job review

I’ve worked a few years, hired hired people, fired a couple when I had to, and written performance reviews. One thing that amazes me is how some people sell themselves short on reviews. Companies want to identify their best, the people who affect change and deliver results. Bosses get distracted, and a year is a long time. This is your chance to show how brightly you’ve shone.


Telling lies: Even if you sat next to the guy who did that sweet project, don’t claim it if you didn’t contribute. Your credibility is crucial, protect it.
Asking for a raise without justification: Being here isn’t enough, you need to provide value see suggestions below
List all your faults: I am amazed how often women do this. Focus on the positive, your boss can identify faults to help you improve ( it makes him feel good )
Get angry or threaten: Can you spell security and police? Your boss can too.
Rate yourself lower than you deserve: Again women often do this. Stand up for yourself, make yourself walk on water. It’s the boss’ job to mention your toe got wet. If you continually rate yourself unfairly low, you make it harder to advance and earn larger bonuses and salary.


Provide facts: Save emails that praise you, you can quote from them on your review.
Provide data: Keep a list of what you do through the year, you and your boss will be surprised how much you accomplished.
Provide value: Show how you increased sales or reduced cost. Tie your successes to the bottom line.
These build the evidence for that raise or promotion you wanted.

To what your boss wants.
To what they expect.
Then deliver.

What can I do to improve.
Do you feel I am performing at the next level, what changes can I make to get there.

Then Tell:
Based on my contributions to the company, I feel strongly I am ready for more responsibility, and increased compensation
Can you help me earn a promotion? I am willing to work hard to earn it.
It’s OK to argue professionally, “I think my evidence shows my rating should be higher.” Let your facts carry the day, don’t get emotional.

Do I really have those flaws? Can I really improve?

Then act:
Sometimes it takes change. Sometimes it tells you to change jobs.

Good luck. Be professional, be courteous, and be the best worker possible.
And above all, don’t bombard the manager with coleslaw, as one of my sisters is rumored to have done.

31 Comments on “job review”

  1. […] Almost forgot, I find what Bill wrote here very […]

  2. mindfuldiary says:

    Love it! Very helpful. Thanks.

    • billgncs says:

      I hope you believe in yourself and make sure you are not discounted because you are a woman.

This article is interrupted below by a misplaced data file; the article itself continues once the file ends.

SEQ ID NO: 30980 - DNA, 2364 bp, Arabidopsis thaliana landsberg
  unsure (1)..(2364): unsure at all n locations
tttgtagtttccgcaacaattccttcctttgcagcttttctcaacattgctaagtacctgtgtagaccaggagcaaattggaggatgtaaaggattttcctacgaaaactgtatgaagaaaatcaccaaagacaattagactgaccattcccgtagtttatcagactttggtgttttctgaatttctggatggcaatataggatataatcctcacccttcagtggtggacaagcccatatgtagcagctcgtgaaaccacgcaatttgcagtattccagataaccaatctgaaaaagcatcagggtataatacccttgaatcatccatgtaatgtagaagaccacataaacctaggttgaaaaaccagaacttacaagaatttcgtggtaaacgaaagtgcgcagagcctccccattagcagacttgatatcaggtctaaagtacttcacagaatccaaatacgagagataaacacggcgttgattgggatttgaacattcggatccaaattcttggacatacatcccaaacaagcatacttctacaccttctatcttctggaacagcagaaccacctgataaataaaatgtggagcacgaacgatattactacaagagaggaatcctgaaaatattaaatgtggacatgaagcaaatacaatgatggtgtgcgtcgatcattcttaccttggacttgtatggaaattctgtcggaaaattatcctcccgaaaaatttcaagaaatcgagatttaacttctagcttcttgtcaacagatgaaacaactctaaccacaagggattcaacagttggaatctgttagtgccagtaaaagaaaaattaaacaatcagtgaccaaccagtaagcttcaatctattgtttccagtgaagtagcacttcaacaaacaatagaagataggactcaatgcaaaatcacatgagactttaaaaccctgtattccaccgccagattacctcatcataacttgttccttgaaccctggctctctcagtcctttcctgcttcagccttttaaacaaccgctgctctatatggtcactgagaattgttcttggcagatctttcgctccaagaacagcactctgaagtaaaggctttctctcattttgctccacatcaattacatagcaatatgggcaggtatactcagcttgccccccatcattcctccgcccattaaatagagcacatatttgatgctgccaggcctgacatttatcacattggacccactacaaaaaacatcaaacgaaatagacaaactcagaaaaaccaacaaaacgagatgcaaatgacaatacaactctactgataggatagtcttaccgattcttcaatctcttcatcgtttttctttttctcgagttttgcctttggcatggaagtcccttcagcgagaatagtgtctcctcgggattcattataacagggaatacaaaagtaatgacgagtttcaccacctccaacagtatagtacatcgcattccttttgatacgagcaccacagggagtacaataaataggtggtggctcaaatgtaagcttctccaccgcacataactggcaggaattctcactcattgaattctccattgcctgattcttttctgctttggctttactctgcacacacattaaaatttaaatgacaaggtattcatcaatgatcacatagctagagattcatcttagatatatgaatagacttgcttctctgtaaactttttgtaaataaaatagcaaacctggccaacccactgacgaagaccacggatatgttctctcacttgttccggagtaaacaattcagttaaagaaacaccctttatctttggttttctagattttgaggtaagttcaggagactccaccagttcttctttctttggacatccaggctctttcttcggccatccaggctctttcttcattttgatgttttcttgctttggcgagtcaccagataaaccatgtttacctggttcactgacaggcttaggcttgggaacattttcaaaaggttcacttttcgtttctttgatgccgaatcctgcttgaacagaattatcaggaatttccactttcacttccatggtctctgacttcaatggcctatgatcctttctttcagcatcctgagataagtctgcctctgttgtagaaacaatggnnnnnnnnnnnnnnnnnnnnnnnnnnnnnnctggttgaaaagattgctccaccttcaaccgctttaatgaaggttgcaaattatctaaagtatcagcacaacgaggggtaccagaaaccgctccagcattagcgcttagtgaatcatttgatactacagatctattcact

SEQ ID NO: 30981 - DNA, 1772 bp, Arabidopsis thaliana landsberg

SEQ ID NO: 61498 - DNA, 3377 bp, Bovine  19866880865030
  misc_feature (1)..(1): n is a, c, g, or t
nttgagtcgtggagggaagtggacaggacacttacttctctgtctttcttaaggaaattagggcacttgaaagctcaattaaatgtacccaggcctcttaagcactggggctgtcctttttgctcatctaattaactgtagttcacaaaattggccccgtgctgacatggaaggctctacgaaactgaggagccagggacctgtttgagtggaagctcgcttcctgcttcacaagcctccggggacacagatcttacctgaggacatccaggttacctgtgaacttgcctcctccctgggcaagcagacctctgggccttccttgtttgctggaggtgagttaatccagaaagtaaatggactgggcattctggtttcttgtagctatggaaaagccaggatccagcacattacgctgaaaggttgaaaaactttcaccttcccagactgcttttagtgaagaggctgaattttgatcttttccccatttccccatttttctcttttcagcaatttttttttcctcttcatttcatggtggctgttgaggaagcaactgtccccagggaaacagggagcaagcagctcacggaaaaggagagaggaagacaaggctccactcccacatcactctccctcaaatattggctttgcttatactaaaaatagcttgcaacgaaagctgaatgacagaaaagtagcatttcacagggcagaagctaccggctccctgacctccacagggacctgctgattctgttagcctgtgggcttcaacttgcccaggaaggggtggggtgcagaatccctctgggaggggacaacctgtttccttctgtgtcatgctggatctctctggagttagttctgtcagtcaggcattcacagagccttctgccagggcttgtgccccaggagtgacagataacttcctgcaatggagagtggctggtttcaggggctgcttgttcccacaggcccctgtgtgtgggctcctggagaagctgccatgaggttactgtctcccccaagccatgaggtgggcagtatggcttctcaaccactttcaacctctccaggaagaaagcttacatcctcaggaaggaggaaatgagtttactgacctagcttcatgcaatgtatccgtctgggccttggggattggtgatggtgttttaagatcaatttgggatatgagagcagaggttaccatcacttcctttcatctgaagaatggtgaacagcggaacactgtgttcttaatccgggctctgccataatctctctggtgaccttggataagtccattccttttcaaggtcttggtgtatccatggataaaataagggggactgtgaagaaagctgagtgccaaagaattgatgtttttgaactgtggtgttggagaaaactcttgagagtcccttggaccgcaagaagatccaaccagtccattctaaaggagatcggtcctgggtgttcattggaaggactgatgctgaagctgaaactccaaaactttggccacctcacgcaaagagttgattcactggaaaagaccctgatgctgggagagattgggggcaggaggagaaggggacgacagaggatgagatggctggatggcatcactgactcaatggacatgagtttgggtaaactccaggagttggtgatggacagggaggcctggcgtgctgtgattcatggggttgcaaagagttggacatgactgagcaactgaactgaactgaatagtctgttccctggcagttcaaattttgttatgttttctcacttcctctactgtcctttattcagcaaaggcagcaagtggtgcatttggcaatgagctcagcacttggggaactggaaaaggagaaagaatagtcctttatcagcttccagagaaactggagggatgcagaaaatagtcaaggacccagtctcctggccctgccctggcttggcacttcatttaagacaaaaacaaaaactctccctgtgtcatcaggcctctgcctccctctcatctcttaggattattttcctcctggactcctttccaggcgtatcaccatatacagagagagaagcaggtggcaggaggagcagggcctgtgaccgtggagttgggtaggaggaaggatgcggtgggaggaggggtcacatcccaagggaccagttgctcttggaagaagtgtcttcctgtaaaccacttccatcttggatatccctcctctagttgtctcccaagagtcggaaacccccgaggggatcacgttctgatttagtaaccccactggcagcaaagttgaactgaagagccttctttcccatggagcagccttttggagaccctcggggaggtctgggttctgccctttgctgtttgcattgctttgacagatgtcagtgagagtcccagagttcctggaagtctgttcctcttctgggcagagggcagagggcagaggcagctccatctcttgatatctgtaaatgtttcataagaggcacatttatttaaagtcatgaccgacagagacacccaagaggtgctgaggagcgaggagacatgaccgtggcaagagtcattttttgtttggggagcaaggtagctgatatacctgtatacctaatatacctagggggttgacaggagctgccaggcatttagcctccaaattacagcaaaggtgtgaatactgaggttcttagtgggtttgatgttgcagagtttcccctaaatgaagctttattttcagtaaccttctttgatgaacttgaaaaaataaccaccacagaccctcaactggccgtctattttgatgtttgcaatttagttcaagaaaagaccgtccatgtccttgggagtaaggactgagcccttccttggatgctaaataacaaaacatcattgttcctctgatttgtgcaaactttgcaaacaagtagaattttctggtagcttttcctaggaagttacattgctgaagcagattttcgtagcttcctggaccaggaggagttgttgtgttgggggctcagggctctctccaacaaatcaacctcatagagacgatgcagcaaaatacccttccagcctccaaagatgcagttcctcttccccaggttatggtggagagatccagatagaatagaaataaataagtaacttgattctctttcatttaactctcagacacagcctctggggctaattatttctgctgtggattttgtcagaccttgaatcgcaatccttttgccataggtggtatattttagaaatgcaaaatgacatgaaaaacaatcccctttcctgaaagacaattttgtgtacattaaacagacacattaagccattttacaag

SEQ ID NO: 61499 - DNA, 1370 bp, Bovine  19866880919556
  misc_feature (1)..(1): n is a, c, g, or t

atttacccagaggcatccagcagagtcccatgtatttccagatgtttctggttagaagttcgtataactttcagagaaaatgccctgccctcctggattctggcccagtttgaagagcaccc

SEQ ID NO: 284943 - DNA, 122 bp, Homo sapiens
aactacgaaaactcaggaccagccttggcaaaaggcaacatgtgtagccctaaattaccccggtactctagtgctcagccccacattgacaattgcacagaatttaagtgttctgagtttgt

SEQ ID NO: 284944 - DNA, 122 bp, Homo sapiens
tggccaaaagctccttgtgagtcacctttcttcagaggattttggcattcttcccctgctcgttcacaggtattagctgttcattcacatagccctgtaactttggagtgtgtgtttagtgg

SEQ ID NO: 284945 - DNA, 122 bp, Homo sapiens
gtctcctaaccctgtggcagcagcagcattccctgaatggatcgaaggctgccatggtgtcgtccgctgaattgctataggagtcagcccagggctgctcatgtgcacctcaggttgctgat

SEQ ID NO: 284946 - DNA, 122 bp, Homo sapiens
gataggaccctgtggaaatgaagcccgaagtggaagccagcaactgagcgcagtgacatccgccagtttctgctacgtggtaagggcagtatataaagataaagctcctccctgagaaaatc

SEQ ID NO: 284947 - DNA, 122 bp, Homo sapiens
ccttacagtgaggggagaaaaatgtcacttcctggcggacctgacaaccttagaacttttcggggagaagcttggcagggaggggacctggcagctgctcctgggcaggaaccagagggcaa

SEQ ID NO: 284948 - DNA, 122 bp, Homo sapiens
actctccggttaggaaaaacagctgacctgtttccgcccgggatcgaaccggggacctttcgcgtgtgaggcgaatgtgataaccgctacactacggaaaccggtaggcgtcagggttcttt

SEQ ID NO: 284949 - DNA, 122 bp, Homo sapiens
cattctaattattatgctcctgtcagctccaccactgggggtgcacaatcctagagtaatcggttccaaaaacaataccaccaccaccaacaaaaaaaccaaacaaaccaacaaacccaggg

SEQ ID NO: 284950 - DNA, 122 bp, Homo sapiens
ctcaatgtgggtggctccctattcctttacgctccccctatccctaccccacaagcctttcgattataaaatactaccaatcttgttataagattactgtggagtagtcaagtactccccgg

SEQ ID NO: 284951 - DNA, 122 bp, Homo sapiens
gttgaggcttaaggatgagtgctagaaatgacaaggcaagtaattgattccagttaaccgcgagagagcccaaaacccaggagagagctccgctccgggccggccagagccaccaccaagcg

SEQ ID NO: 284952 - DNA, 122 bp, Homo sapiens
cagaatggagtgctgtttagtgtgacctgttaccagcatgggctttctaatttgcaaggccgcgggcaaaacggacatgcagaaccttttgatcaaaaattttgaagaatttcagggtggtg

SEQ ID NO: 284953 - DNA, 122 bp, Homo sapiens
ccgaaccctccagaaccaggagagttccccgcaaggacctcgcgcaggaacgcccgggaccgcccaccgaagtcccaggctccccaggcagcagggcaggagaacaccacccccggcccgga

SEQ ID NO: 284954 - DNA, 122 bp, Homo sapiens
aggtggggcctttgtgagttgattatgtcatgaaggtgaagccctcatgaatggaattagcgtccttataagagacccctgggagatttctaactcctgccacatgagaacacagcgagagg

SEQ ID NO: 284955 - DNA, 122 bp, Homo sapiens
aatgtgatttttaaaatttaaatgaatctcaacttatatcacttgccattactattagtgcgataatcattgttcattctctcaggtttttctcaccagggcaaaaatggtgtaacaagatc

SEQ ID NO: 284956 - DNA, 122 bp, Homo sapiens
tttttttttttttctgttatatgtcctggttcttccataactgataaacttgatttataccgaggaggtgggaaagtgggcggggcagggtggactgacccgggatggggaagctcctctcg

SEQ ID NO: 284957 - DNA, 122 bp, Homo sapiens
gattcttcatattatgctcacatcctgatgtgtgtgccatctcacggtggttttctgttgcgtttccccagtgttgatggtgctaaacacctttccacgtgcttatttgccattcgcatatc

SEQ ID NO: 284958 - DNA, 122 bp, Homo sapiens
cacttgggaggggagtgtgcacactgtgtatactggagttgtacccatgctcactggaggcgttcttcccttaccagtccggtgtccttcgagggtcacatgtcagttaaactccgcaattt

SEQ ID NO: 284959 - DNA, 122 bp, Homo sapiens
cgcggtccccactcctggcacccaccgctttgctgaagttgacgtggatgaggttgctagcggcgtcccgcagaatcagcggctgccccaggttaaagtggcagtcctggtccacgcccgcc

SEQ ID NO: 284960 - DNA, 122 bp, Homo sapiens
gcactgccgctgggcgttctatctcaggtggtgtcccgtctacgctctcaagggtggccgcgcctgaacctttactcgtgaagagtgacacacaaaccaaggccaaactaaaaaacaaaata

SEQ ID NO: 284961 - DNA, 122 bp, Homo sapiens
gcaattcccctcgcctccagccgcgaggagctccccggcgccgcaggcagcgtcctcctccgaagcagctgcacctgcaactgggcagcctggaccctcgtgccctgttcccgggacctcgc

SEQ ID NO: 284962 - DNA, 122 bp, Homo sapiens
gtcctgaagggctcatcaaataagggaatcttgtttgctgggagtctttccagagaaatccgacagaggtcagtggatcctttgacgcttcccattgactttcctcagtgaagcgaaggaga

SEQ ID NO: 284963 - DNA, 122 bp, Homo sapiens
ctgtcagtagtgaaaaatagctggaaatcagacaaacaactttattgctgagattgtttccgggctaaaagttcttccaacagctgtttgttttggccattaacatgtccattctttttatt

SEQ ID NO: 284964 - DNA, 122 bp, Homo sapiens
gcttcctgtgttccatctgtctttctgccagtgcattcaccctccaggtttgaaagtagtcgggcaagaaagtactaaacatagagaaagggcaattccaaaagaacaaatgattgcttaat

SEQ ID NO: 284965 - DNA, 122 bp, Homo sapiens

• mindfuldiary says:

        I don’t have a problem with that at all. I just have difficulties understanding how to respond to the ego games, because not participating leaves one out of the game but participating in those, is like to selling half of the dignity to devil. So it’s sort of a dilemma. 😀 I do believe anybody can any job to their best ability, with best effort, once we are aware of that magic happens. Even messy management and complaining collegaues can’t take that away.

        • billgncs says:

          how do you see the ego games, from your vantage point?

          • mindfuldiary says:

            I guess I see it as every one only looks up for themselves. Busy minds, but lack of heart. Not always, but often. And it’s ok, as long as I’m aware of my own contribution or lack of it.

            • billgncs says:

              yes, you must work to your own standards first. That is the best satisfaction.

              But is one of the best chances to ask for the opportunity for coaching and growth. If you ask what is the difference between how I perform and the next level, you can learn new behaviors and things to strive for.

              And when you come to the table with facts that say, I am ready for more responsibility it is a very good feeling.

              An honest review by two parties is a very precious thing. In a way, it goes along with your last post. Maybe we grow best when we face uncomfortable things.

  3. Paula says:

    Contrary to popular belief, the Coleslaw-Slinging-Incident really did happen…scene of the crime was an Arthur Treacher’s Fish and Chips….my one and only foray into the food service industry lol.

  4. TheOthers1 says:

    I hate yearly reviews. I tend to middle of the road it. Not awesome, but not terrible either. Just average. It’s just hard to list the things you’re good at.

  5. do you have a few moments to hear all my faults? (smiling) I love this post – it’s practical and helpful.

  6. deanabo says:

    Very good! My employees need to read this.

  7. Boy did I butcher the grammer in that comment…tired I guess. LOL

  8. Having to submit yearly perfomance reviews for my assistant mangers and personel offices, it never ceased to amaze me how many men and women both came in with the “look what I did wrong, or head hung” attitude. I had very few over the years that came in positive and ready to extol their virtues or even make effort to ask for a raise. amazing all that hard work and education just rolled up into a copy of their evaluation and tossed in the desk drawer, I know that many never looked at it again until the next years review.
    I hope your followers will heed your wonderful advice!!

  9. well no pressure there! lol toot your own horn but not to loud…

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